Your Biennial Cheat Sheet 

The Fun Starts at the Whitney, March 2

It’s Whitney Biennial time again, so brace yourselves for a flood of cynical criticism and a parade of new art stars. This year’s incarnation promises novelty if nothing else — the co-curators Chrissie Iles, of the Whitney Museum, and Philippe Vergne, of the Walker Art Center, are placing a big emphasis on film and video art, featuring masters such as Kenneth Anger and Michael Snow as well as youngsters like Anthony Burdin, Aaron Young, and Paul Chan. For the first time, the exhibit will also include non-American artists and will have a title, Day for Night — a reference to the English translation of Truffaut’s film La Nuit Americaine and a nod to the dark mood of much contemporary art. Here are some of the highlights. Whitney Museum,945 Madison Ave.

5 Themes of the Show

Collaboration

It’s all about getting along this year, as the Biennial features half a dozen artist collectives that downplay the whole ego thing.

Music
Musicians are the new artists, with Jim O’Rourke, Momus, and Daniel Johnston all contributing to the show.

Darkness
Thank god! No more butterflies and frolicking children, there’s nothing but destruction and gore this year.

Politics
I know, Biennials are always political, but this time everybody’s really pissed off.

Decadence
There’s nudity, there’s ornament, there’s glitter — more is more!

5 Must Sees

Pierre Huyghe
The culmination of a three-part project, A Journey That Wasn’t is a film of Huyghe’s journey to Antarctica and his spectacle at the Wollman Rink in Central Park.


Don’t Trust Anyone Over Thirty
This collaboration between Dan Graham, Tony Oursler, Rodney Graham, Laurent P. Berger, and the hipster band Japanther, is an inflammatory puppet show.

The Wrong Gallery
The founders of the Wrong Gallery, including Maurizio Cattelan, are curating Down By Law, a show within the show.

Rodney Graham
The oddball video artist is turning away from his usual inscrutable narratives and offering us a single, spinning chandelier.

Rirkrit Tiravanija and Mark di Suvero
In a recreation of di Suvero’s Peace Tower from 1966, the two are soliciting panels from hundreds of artists to construct a tower in the Whitney courtyard.

5 Under the Radar

Jay Heikes

This jack-of-all-trades makes paintings, sculptures, and videos about the pop icons who live and die for us.


Paul Chan
The politically minded video artist, originally from Hong Kong, treads new ground with an ominous projection of light and shadows.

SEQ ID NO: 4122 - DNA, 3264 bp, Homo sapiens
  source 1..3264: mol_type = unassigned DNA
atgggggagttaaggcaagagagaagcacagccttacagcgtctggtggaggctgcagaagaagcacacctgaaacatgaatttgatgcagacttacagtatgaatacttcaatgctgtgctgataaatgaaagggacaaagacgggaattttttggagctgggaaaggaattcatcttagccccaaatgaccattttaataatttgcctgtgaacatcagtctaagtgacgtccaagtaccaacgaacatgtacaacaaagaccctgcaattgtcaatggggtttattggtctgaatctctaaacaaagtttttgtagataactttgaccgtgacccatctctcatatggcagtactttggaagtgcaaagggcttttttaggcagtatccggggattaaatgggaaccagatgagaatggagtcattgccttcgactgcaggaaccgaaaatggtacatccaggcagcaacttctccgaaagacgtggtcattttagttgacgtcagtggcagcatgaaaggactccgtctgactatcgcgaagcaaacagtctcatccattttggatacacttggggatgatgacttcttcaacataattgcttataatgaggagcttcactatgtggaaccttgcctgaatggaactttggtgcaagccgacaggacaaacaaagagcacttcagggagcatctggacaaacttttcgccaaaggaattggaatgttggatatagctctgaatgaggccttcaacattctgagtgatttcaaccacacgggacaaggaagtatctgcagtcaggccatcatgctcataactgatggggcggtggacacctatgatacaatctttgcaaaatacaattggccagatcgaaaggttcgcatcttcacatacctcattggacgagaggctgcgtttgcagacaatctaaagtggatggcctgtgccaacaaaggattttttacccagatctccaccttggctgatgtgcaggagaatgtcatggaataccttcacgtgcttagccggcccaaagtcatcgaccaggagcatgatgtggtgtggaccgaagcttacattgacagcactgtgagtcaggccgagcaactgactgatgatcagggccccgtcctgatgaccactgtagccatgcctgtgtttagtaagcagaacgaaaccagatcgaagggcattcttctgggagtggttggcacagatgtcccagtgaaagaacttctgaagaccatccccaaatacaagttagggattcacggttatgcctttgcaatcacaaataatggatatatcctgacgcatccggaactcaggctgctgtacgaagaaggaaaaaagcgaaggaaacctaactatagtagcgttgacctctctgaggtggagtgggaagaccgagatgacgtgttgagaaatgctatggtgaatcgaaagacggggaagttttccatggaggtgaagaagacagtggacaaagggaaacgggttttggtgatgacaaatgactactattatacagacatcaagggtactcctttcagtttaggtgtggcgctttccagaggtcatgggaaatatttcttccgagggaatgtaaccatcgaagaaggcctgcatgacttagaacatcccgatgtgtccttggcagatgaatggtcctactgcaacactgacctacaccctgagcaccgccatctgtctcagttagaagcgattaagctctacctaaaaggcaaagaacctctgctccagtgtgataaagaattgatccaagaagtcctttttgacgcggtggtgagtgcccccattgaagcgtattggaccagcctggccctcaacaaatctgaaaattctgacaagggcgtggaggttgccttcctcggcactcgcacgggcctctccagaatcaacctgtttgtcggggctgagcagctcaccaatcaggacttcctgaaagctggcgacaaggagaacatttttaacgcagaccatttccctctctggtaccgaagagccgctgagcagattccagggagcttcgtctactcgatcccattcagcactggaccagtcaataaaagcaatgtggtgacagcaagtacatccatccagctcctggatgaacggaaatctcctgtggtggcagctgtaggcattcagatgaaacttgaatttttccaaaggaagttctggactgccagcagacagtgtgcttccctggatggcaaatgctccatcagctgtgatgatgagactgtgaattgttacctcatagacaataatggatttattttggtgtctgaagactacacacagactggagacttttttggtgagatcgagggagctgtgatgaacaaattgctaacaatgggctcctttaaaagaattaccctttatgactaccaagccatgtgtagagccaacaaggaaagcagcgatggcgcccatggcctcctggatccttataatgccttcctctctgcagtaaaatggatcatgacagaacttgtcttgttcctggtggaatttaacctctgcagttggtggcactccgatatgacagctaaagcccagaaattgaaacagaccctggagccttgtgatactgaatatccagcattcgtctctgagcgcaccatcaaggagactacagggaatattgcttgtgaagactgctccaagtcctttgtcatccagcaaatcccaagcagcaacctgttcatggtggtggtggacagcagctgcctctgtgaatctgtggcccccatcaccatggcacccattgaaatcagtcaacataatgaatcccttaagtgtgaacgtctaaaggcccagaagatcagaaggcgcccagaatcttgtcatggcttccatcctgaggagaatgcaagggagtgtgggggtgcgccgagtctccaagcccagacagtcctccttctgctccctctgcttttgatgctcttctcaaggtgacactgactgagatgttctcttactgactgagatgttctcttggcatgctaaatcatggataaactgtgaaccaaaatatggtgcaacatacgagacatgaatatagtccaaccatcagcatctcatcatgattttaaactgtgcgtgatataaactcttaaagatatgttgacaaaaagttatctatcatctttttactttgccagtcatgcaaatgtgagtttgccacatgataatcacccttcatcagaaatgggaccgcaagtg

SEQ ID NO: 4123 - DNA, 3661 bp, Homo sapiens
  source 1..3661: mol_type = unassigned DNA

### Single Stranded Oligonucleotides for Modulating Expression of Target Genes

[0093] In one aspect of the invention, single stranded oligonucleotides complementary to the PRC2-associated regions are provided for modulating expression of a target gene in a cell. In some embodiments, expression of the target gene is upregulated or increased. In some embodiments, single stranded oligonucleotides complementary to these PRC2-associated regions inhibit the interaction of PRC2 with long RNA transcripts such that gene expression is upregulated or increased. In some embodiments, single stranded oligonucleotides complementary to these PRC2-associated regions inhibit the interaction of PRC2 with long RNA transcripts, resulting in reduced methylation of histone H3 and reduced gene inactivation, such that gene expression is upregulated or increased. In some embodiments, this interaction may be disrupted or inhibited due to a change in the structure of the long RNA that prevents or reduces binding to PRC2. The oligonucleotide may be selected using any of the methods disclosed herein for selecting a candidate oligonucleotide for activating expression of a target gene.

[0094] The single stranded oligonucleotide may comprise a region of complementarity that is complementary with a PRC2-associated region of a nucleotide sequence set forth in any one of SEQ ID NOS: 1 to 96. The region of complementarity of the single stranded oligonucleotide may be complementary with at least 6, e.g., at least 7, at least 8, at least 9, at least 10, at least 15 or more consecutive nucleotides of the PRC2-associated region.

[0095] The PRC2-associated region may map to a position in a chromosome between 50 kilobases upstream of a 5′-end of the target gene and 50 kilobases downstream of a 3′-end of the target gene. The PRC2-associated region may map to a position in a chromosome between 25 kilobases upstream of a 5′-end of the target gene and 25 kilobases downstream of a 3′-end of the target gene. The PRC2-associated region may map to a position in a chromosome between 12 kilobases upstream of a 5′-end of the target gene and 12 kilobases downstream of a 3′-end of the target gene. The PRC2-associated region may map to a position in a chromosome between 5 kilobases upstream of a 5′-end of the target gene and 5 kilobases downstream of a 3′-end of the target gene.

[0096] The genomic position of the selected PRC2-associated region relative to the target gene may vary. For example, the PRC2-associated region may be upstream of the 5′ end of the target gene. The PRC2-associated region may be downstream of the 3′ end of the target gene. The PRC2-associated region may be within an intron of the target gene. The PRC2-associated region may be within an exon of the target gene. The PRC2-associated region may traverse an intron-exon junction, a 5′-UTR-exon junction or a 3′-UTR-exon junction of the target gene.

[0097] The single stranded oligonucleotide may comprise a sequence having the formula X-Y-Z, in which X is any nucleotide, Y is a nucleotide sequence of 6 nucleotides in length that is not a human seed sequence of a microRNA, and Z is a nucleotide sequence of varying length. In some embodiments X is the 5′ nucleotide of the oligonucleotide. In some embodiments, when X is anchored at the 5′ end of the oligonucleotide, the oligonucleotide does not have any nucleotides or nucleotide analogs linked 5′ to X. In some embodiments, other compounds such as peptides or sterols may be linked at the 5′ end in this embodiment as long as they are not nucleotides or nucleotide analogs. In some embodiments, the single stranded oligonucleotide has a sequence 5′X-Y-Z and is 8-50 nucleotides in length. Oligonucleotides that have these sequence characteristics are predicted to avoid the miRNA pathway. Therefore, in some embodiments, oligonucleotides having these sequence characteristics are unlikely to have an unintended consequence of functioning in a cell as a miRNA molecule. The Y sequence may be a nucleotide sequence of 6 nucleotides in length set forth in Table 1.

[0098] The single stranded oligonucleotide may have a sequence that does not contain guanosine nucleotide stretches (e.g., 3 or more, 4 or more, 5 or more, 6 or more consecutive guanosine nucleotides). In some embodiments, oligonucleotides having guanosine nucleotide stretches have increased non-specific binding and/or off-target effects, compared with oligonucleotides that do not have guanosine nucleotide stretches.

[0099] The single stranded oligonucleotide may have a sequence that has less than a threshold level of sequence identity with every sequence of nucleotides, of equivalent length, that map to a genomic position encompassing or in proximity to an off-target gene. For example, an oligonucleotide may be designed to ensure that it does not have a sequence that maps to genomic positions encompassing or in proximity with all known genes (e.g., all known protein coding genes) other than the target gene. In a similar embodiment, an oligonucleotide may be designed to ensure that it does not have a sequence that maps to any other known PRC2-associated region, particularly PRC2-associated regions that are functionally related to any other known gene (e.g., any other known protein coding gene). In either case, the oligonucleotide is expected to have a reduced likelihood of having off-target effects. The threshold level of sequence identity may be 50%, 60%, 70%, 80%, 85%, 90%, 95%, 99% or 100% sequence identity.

Zoe Strauss
Strauss’ wacky photographs of people and their bad accessories will make you laugh out loud.

Martha Colburn
Absurd and grotesque collages come to life in Colburn’s animated films.

Yuri Masnyj
Masnyj’s sharp, black-and-white drawings incorporate Constructivist imagery in enigmatic scenes. 


5 That Beg the Question "Is This Art?"

Reena Spaulings
A fictional artist created in 2004 by a group of collaborators; they run a gallery and create art and music under the pseudonym.

Bernadette Corporation
This collaborative group has generated a fashion line, a magazine, a novel, and several films.

Critical Art Ensemble
This group of five radical artists writes books and organizes biotech projects to challenge “authoritarian culture.”

Natalie Jeremijenko
Her Bureau of Inverse Technology is a database of the government’s anti-terror actions.

Center for Land Use Interpretation
A research organization that studies the effect of human development on the natural landscape.

5 Heaviest Hitters/VIPs

Kenneth Anger

This experimental film guru is showing a trippy Mickey Mouse adventure.

Sturtevant

A contemporary of Warhol’s, she’s been making copies of other people’s work for 40 years.

Robert Gober

The master of quirky, sassy, and totally inexplicable sculptures.

Richard Serra

Lemme guess, another black square on paper. Can’t we see some more steel?

Taylor Mead

One of Warhol’s Factory boys, Mead was born in 1924! He’ll be reading his poetry and exhibiting some drawings.

5 Political Crusaders


George Butler
His film Going Upriver: The Long War of John Kerry traces the presidential candidate’s war years and political ascendance.

Deep Dish Television Network
This grassroots satellite network broadcasts left-leaning programming about our government’s bad decisions.

Jimmie Durham
A Cherokee artist, Durham makes work about the heritage of American Indian culture.

Dominic Angerame
His recent film Anaconda Targets documents the bombing of a military target in Afghanistan.

Robert Pruitt
His drawings and sculptures confront racial tensions with unflinching honesty.

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